Security forces arrested El-Helw from his house on November 7 in conjunction with the random arrests by the security forces with the increasing calls for demonstrations on November 11. El-Helw was illegally detained for 6 days till he appeared before the prosecution facing accusations of joining a terrorist group.

25 October 2023 

On October 25, the Criminal Court (First Circuit) decided to renew the detention of human rights lawyer, Ahmed Nazeer El-Helw, for 45 days, pending investigations of lawsuit No. 1940 of 2022 (Supreme State Security).

Security forces arrested El-Helw from his house on November 7, in conjunction with the random arrests by the security forces with the increasing calls for demonstrations on November 11; he was illegally detained for 6 days till he appeared before the prosecution against accusations of joining a terrorist group.

10 September 2023 

On September 10, the Criminal Court (First Circuit) decided to renew the detention of human rights lawyer, Ahmed Nazeer El-Helw, for 45 days, pending investigations of lawsuit No. 1940 of 2022 (Supreme State Security).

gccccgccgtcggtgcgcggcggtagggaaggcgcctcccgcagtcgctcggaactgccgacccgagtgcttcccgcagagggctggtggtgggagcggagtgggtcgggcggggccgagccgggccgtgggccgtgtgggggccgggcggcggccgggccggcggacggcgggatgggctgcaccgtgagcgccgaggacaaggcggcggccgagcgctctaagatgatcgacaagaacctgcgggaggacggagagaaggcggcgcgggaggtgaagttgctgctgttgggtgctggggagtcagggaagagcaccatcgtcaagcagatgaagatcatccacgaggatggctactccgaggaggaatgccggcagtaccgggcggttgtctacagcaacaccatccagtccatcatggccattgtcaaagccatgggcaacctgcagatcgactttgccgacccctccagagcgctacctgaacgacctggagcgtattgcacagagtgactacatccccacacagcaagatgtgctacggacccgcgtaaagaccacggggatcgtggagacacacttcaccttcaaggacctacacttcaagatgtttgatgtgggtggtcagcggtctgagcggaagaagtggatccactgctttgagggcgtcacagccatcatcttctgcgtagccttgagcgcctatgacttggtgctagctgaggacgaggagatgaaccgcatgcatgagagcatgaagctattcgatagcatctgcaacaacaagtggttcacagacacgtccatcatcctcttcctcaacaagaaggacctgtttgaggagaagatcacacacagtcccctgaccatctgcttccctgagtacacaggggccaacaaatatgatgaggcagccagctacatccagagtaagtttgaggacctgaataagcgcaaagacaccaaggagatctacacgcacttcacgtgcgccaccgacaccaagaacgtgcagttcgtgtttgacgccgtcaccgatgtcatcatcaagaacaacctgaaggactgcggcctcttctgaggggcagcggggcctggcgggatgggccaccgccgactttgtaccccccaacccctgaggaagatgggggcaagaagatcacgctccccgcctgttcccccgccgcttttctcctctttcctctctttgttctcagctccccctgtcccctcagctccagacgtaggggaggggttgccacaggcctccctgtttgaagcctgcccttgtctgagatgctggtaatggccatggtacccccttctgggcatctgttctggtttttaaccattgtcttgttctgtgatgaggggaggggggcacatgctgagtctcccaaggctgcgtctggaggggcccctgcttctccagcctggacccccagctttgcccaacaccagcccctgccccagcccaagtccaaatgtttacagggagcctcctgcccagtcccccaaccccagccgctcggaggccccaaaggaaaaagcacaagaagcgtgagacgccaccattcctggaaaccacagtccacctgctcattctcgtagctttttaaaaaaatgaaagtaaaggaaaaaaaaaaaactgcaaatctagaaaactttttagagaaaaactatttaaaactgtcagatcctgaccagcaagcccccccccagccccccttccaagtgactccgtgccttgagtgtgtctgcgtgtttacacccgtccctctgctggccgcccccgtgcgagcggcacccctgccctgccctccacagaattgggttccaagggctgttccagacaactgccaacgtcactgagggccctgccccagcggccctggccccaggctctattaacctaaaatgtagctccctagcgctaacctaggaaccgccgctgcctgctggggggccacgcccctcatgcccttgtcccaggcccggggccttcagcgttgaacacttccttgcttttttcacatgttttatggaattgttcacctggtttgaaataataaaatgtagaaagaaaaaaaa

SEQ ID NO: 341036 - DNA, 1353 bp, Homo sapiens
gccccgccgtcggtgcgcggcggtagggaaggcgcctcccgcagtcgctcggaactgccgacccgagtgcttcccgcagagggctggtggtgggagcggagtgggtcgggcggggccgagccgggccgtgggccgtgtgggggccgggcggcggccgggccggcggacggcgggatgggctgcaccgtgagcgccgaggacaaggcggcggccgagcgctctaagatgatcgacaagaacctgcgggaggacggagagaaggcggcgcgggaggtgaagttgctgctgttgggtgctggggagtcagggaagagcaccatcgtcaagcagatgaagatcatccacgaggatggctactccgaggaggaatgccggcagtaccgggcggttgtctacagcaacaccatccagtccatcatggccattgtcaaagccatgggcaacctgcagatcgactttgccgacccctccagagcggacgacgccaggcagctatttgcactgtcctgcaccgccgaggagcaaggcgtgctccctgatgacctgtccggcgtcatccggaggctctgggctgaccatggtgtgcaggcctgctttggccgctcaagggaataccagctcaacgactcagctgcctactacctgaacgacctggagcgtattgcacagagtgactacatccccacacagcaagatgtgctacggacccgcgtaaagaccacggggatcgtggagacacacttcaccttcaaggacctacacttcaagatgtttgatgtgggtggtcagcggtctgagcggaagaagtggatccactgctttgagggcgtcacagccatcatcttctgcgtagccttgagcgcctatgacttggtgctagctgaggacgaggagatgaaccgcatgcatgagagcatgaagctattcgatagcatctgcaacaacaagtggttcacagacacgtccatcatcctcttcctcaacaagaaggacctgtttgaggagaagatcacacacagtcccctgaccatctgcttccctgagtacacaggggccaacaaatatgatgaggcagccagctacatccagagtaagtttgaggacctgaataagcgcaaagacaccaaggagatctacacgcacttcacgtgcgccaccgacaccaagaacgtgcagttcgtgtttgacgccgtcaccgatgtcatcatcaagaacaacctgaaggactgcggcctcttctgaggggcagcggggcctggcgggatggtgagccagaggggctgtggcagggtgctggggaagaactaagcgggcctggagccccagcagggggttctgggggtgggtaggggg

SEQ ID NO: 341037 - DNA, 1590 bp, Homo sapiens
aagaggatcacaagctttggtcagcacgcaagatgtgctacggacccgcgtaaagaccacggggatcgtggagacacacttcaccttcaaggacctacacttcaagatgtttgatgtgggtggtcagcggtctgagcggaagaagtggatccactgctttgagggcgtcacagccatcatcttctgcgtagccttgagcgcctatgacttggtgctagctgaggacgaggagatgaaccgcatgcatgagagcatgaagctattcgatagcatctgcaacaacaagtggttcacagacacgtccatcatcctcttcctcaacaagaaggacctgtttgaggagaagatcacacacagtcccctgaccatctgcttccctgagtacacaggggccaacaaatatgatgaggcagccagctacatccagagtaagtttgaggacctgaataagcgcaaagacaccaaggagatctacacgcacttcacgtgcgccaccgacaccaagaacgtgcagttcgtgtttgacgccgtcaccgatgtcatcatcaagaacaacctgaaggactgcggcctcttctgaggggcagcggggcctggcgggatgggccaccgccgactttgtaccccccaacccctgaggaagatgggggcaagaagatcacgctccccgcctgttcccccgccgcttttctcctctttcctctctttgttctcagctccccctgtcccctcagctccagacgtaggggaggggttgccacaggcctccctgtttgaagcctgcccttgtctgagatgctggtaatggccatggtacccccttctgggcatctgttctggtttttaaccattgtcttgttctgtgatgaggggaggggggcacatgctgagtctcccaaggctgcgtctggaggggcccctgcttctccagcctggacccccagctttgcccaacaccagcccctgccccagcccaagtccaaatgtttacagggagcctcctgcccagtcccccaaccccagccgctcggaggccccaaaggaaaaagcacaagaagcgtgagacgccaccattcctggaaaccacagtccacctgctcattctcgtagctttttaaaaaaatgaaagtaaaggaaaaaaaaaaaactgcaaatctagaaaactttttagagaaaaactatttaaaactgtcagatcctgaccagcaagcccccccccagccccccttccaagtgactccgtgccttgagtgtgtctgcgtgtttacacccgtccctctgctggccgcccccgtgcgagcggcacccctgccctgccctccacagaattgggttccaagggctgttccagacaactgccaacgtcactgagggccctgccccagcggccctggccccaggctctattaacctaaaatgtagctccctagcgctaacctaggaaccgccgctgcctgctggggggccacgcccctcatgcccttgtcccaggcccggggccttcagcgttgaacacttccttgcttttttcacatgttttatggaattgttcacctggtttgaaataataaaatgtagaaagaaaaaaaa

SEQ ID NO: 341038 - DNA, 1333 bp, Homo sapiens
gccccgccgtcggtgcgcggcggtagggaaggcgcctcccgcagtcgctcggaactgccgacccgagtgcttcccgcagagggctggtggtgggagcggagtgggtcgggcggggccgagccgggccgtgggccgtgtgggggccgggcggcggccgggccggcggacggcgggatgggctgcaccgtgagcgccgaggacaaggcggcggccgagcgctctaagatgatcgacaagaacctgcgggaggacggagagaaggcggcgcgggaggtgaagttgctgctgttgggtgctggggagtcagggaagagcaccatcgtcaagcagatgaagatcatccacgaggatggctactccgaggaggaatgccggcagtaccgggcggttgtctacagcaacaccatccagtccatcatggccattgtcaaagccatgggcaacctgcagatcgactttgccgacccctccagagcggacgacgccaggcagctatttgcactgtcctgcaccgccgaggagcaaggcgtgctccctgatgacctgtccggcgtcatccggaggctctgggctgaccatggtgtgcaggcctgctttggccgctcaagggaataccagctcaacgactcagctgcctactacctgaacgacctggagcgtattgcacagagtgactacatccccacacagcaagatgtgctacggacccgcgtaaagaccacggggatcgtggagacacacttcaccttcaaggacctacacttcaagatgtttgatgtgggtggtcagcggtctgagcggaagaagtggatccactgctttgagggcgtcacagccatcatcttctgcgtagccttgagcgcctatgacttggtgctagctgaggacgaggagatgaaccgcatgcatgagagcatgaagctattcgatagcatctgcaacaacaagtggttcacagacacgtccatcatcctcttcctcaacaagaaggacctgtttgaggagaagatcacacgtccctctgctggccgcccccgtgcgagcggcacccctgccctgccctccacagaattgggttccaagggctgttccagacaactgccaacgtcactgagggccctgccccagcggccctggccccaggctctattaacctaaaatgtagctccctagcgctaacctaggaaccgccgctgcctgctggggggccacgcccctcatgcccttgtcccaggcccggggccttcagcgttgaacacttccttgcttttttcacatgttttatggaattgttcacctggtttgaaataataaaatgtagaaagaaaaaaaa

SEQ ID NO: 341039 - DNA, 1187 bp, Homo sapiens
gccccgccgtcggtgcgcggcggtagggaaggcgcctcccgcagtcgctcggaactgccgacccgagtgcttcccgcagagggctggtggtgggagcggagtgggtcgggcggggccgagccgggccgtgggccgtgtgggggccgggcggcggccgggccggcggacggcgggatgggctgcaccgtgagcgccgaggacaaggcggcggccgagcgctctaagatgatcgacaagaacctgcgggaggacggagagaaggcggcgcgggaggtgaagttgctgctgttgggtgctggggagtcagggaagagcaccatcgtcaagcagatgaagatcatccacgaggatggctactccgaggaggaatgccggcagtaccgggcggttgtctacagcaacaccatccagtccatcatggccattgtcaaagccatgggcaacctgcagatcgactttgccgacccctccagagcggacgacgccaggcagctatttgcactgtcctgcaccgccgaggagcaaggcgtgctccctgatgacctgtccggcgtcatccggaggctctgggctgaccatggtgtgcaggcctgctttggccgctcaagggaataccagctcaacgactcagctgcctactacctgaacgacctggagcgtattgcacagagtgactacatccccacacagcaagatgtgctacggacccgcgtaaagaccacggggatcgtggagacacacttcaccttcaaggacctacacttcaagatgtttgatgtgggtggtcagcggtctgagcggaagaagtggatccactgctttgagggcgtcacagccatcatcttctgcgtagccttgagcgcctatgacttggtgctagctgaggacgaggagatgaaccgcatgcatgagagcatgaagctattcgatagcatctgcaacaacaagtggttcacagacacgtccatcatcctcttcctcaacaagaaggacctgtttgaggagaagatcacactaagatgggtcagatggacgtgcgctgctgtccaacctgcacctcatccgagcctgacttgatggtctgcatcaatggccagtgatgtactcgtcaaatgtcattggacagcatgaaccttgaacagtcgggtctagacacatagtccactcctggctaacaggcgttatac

Security forces arrested El-Helw from his house on November 7, in conjunction with the random arrests by the security forces with the increasing calls for demonstrations on November 11; he was illegally detained for 6 days till he appeared before the prosecution against accusations of joining a terrorist group.

20 June 2023 “Criminal Court renews lawyer Ahmed Nazeer El-Helw’s detention for 45 days”

On June 20, the Criminal Court (First Circuit) decided to renew the detention of human rights lawyer, Ahmed Nazeer El-Helw, for 45 days, pending investigations of lawsuit No. 1940 of 2022 (Supreme State Security).

Security forces arrested El-Helw from his house on November 7, in conjunction with the random arrests by the security forces with the increasing calls for demonstrations on November 11; he was illegally detained for 6 days till he appeared before the prosecution against accusations of joining a terrorist group.